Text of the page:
They also urged people to go about their business but remain vigilant.
"I will take the subway tomorrow and feel just as safe as I did this morning," Bloomberg said.
"If you see something, say something," he said, noting the possibility of people calling in reports unattended packages on subway platforms or cars parked illegally.
Kelly said police would be held for an extra 4 hours of duty beginning Friday, effectively increasing police patrols by a third. He also said the public will be subject to vehicle checkpoints around the city; more bags will be inspected on the subway system; more bomb-sniffing dogs will be on patrol; more bomb sweeps will be conducted in parking garages; more illegally parked cars will be towed, and more radiation detectors would deployed with officers.
Special attention will be paid to bridges, tunnels and infrastructure, they said.
"There's absolutely no need for any panic," Rep. Peter King, R-N.Y., chairman of the House Homeland Security Committee, told NBC News earlier. He said he was briefed on the threat.
Kelly earlier outlined security procedures earlier this week at a Manhattan Institute conference on terrorism, the New York Daily News reported.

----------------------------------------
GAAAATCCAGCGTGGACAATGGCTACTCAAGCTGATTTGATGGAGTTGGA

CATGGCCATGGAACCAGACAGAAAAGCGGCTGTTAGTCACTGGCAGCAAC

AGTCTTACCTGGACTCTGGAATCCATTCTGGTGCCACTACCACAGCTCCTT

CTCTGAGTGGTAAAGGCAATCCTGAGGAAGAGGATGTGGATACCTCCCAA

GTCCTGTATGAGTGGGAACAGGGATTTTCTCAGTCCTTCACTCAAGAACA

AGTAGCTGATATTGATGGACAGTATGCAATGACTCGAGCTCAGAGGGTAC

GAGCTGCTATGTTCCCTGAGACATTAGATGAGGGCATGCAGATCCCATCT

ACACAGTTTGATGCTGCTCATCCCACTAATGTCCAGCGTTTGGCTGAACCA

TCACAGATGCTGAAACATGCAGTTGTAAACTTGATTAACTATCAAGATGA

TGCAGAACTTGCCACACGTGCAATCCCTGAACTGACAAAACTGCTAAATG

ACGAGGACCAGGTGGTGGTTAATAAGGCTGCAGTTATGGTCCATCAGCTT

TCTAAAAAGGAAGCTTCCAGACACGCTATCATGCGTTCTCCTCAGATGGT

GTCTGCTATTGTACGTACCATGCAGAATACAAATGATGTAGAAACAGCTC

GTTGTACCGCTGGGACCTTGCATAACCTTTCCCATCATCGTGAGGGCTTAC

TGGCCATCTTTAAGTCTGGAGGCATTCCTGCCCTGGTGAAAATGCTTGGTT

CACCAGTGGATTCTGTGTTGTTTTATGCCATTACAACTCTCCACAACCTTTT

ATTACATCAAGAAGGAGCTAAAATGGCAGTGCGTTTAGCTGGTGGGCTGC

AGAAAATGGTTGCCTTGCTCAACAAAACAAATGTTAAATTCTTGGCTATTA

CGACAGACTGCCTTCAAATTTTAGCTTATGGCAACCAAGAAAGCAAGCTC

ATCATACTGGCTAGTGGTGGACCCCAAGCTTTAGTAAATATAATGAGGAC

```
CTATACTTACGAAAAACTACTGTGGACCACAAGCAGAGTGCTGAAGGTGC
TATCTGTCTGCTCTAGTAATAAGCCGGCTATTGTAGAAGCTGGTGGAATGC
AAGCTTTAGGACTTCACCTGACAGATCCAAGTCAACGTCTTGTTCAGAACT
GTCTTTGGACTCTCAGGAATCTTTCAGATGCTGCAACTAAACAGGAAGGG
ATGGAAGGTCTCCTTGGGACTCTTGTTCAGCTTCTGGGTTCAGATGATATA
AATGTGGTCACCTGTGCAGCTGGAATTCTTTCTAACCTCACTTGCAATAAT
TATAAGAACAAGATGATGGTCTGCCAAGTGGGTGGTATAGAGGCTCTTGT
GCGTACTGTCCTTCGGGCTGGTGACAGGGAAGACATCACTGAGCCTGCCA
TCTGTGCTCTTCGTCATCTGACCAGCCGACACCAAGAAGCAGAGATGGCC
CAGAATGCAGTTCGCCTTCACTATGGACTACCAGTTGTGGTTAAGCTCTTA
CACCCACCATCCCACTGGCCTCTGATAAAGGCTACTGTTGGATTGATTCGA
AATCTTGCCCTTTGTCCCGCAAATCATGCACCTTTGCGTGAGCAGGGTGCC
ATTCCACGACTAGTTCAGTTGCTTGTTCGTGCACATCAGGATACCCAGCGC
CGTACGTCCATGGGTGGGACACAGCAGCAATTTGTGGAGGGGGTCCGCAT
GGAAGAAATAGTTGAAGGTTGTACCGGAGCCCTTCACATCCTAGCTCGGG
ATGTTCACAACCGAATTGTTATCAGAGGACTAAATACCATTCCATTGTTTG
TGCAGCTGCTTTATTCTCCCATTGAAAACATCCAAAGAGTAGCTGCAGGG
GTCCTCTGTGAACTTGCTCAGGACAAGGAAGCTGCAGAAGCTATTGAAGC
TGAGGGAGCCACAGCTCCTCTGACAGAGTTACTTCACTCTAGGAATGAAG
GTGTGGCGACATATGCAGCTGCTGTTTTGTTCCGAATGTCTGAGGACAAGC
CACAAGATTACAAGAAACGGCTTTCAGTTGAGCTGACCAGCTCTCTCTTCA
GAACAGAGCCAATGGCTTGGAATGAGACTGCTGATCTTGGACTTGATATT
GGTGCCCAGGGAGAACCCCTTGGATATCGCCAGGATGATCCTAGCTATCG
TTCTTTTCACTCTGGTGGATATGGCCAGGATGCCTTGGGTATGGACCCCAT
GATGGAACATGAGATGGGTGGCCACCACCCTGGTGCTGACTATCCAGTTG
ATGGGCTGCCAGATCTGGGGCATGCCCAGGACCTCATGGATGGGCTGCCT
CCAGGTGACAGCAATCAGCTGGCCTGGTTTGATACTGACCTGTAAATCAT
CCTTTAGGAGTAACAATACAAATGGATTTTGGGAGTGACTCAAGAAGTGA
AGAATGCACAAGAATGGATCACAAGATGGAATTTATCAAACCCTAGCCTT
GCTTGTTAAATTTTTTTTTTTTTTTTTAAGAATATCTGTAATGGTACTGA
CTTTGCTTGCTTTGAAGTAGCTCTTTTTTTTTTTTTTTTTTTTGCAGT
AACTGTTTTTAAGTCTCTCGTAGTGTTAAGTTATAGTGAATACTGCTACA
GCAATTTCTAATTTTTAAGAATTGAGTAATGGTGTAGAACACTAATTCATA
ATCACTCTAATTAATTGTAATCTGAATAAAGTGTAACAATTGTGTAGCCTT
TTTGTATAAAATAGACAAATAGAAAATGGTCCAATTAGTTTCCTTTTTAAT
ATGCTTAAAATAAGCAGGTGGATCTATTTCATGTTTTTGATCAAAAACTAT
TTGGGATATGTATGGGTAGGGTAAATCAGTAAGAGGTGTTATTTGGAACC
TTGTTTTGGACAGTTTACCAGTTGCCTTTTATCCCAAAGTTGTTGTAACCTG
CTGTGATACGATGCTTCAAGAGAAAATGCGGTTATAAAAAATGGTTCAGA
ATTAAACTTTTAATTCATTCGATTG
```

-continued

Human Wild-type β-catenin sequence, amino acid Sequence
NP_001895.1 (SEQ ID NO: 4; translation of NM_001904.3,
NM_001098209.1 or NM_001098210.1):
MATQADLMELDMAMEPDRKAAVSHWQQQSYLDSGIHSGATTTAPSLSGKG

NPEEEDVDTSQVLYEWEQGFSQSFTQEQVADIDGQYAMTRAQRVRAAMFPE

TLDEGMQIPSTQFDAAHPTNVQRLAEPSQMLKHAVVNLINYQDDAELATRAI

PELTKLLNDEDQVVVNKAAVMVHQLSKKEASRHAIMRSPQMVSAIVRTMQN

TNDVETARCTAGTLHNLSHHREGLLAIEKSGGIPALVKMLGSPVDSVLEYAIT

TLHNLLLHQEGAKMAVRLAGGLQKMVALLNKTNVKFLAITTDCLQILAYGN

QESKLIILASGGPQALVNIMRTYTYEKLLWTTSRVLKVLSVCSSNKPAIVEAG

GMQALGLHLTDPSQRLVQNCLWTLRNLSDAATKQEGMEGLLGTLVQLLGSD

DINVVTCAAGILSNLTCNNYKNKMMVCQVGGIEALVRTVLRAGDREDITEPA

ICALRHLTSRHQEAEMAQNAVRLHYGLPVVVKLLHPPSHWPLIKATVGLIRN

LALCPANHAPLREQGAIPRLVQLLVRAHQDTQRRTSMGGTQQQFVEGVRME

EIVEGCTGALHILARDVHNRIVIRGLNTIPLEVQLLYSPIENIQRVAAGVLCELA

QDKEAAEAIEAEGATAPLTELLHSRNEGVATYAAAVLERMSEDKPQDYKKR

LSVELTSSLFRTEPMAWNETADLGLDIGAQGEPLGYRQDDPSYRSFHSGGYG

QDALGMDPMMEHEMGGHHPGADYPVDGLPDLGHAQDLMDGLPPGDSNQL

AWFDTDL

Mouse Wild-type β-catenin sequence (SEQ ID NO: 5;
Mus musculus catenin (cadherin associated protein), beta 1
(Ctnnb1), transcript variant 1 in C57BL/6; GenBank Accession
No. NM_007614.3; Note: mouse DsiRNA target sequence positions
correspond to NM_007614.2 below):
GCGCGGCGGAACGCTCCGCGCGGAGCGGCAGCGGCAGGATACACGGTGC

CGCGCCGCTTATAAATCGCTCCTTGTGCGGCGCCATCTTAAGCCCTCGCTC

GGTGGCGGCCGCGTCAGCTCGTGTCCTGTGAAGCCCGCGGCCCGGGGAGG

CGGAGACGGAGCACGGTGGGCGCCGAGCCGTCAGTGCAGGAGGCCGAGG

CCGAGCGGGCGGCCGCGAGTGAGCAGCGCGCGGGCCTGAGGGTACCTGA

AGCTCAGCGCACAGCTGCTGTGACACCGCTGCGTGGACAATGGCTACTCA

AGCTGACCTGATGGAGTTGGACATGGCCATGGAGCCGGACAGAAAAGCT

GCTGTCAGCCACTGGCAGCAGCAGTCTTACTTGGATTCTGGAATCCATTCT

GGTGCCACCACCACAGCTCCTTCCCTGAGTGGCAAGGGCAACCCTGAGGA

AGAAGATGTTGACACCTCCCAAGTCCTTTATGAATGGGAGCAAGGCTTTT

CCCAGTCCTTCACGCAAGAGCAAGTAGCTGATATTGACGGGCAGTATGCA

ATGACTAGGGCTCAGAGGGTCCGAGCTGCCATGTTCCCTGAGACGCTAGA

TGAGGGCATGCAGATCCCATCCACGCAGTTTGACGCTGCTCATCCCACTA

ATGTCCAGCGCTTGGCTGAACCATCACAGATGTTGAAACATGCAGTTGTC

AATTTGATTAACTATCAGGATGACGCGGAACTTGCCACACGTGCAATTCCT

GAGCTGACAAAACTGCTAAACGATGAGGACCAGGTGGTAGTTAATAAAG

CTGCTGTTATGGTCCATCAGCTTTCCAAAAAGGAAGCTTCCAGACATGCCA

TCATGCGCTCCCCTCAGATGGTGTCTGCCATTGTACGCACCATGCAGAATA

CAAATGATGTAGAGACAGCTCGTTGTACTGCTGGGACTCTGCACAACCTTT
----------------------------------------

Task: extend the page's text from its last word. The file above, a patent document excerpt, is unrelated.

Kelly told the group police are not taking any chances for a Sunday observance at the World Trade Center that Obama and former President George W. Bush plan to attend.
Kelly said Ground Zero would be surrounded by a frozen zone. Thousands of cops will be on duty, some carrying radiation detectors and sniper rifles. Hundreds of surveillance cameras will monitor the site.
Kelly said quick-reaction forces will be assigned outside lower Manhattan.
Cops trained to use heavy weapons after the Mumbai 2008 terror attacks will supplement Emergency Services officers, he said.
"Bomb squad officers and hostage negotiators will also be attached to these quick reaction groups, as will highway patrol officers to ensure these teams can get to any point in the city as quickly as possible," Kelly said.